Continued cooperation on energy trading and climate policy should be included in any final Brexit deal between the UK and the European Union, according to trade bodies from both sides of the channel.
Leading figures from across the UK and Europe’s main renewable and energy trade bodies have written to the EU’s chief negotiator Michel Barnier and the secretary of state for the Department for Exiting the EU, Dominic Raab, to press for an agreement.
The letter points to the long history of cooperation between European countries on energy which has “enabled available resources and capacity to be shared across borders to reduce costs, improve security of supply, better integrate renewable energy and achieve climate change targets”.
This, the signatories state, will need to be a significant feature in the UK’s future relationship with the EU. They are therefore calling for a comprehensive energy and climate chapter to be part of the future Free Trade Agreement to give certainty to business and citizens of both the UK and EU.
In the suggested text, energy trading and climate policy are placed front and centre as these have yet to be determined under public discussions.
In a previous letter signed by a group of energy investors, trade associations and private businesses, Energy UK – whose chief executive Lawrence Slade signed this week’s letter – called for a ‘comprehensive Climate and Energy Chapter’ to be included in talks to address this issue.
It cited concerns that a ‘conventional’ EU Free Trade Agreement would not be able to address climate issues such as cooperation on emission targets, clean energy projects of common interest, climate and energy diplomacy and carbon pricing.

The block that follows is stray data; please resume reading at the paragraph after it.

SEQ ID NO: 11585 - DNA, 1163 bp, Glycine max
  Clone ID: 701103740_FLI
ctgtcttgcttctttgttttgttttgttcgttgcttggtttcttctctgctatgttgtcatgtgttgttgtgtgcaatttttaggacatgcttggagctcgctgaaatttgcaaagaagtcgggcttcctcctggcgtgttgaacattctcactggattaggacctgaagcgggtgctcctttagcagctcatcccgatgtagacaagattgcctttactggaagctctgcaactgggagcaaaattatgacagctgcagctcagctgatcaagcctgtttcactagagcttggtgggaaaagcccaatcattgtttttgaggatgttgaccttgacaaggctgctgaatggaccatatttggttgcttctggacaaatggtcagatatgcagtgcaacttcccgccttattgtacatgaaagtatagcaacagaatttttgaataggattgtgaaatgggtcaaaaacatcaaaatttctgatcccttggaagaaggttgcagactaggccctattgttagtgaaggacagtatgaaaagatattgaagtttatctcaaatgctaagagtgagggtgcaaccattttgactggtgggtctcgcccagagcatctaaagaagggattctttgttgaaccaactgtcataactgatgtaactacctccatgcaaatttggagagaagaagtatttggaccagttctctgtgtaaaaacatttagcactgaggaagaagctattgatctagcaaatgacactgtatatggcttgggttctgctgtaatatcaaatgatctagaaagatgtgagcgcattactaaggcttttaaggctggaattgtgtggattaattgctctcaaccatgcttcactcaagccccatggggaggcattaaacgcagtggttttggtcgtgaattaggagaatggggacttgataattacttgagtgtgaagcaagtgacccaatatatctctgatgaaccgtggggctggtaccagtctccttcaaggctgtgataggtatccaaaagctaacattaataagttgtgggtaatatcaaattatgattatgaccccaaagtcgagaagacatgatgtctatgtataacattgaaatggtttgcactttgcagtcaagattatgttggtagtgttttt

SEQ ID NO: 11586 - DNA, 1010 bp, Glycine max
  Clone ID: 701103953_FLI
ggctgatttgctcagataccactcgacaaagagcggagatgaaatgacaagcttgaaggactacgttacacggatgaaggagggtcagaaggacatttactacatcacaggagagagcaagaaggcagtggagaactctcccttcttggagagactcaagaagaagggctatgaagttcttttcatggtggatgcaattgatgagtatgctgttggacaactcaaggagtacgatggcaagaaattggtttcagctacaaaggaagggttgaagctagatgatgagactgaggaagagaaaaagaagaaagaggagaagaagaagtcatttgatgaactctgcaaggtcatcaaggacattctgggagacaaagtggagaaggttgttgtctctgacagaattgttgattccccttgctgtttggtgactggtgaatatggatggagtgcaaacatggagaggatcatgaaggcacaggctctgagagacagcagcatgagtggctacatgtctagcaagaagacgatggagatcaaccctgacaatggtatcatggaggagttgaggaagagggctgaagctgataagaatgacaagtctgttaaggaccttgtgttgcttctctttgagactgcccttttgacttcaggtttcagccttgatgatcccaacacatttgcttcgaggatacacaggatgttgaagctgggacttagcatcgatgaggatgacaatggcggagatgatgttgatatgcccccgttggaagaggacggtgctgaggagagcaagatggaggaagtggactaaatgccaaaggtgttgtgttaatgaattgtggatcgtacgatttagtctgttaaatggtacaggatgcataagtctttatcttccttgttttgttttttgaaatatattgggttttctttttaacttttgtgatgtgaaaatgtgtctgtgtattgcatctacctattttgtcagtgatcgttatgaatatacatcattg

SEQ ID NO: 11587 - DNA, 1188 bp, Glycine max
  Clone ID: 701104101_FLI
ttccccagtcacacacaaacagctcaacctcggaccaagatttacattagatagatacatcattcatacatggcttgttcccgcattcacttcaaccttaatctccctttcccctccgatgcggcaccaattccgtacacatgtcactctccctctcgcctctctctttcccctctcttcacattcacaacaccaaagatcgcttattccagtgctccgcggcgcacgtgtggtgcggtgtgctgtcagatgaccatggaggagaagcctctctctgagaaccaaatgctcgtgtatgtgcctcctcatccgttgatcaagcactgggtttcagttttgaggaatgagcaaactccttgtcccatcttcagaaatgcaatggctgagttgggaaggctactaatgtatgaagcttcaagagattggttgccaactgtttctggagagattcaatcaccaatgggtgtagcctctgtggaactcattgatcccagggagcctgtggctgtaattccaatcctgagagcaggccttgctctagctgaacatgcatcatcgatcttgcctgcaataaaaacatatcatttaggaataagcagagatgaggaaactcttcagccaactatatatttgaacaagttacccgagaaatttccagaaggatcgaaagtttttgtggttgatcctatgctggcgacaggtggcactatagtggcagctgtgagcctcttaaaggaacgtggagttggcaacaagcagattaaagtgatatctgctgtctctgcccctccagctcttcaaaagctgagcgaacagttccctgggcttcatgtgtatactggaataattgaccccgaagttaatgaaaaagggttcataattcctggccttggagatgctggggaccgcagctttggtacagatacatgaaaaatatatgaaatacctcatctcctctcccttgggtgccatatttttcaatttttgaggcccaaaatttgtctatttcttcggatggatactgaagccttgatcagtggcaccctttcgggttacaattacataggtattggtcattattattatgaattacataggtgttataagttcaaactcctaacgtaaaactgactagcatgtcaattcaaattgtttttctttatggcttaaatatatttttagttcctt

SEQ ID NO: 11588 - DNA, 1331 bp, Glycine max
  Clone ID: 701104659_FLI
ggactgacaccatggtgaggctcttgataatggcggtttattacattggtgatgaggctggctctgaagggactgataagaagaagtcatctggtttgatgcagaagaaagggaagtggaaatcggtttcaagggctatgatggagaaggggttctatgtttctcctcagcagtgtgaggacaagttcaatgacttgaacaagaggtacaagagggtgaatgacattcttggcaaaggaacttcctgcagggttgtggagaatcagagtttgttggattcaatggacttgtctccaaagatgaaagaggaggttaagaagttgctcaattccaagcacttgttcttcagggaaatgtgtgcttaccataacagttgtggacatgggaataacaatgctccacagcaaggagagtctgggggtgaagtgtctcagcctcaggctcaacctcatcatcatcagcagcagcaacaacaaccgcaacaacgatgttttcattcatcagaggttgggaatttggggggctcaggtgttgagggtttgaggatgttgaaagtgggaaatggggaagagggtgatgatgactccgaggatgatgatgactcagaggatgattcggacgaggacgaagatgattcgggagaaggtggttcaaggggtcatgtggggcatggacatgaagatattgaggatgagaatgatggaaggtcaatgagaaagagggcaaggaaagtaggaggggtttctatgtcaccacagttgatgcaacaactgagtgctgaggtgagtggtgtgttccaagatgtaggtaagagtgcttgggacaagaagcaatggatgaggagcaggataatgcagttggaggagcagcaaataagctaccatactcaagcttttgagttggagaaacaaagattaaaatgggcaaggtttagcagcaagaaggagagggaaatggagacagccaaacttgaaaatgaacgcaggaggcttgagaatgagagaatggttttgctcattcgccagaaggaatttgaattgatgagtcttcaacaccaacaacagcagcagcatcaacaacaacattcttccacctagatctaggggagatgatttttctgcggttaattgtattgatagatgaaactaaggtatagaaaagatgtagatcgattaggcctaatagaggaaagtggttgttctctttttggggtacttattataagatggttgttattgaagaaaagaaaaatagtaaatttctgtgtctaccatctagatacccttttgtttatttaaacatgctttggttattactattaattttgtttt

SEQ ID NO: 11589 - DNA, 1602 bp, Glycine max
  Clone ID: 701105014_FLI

An agreement that no tariffs on energy trading or efficient trading arrangements across interconnectors are introduced was also suggested, as to not do so would for example put Ireland’s recently launched integrated single electricity market (I-SEM) at risk.
If no such agreement were made, the UK’s future participation in shared balancing services, such as the TERRE initiative, would also be in question owing to the country’s potential exit from the EU’s Internal Energy Market.
A position paper released in July sought to allay many of these fears, saying “good progress” had been made towards “broad cooperation” on a range of issues.
Meanwhile, a climate policy agreement would also help to avoid what has previously been called a ‘race to the bottom’ in environmental standards, particularly relevant this week which has seen the EU confirm new regulations on renewable energy and energy efficiency.
Environmental and climate policy have been at the heart of the EU’s position since Article 50 was triggered in March 2017, kick starting the UK’s exit. A leaked draft motion released at the time stated: “Any future agreement between the European Union and the United Kingdom is conditional on the United Kingdom’s continued adherence to the standards provided by the Union’s legislation and policies, in among others the fields of environment, climate change…”
“It is vital that energy be part of the UK’s future relationship with the EU in order to continue to drive progress towards cost-effective decarbonisation through low carbon investment and deliver the best outcome for UK and EU energy customers,” Slade commented.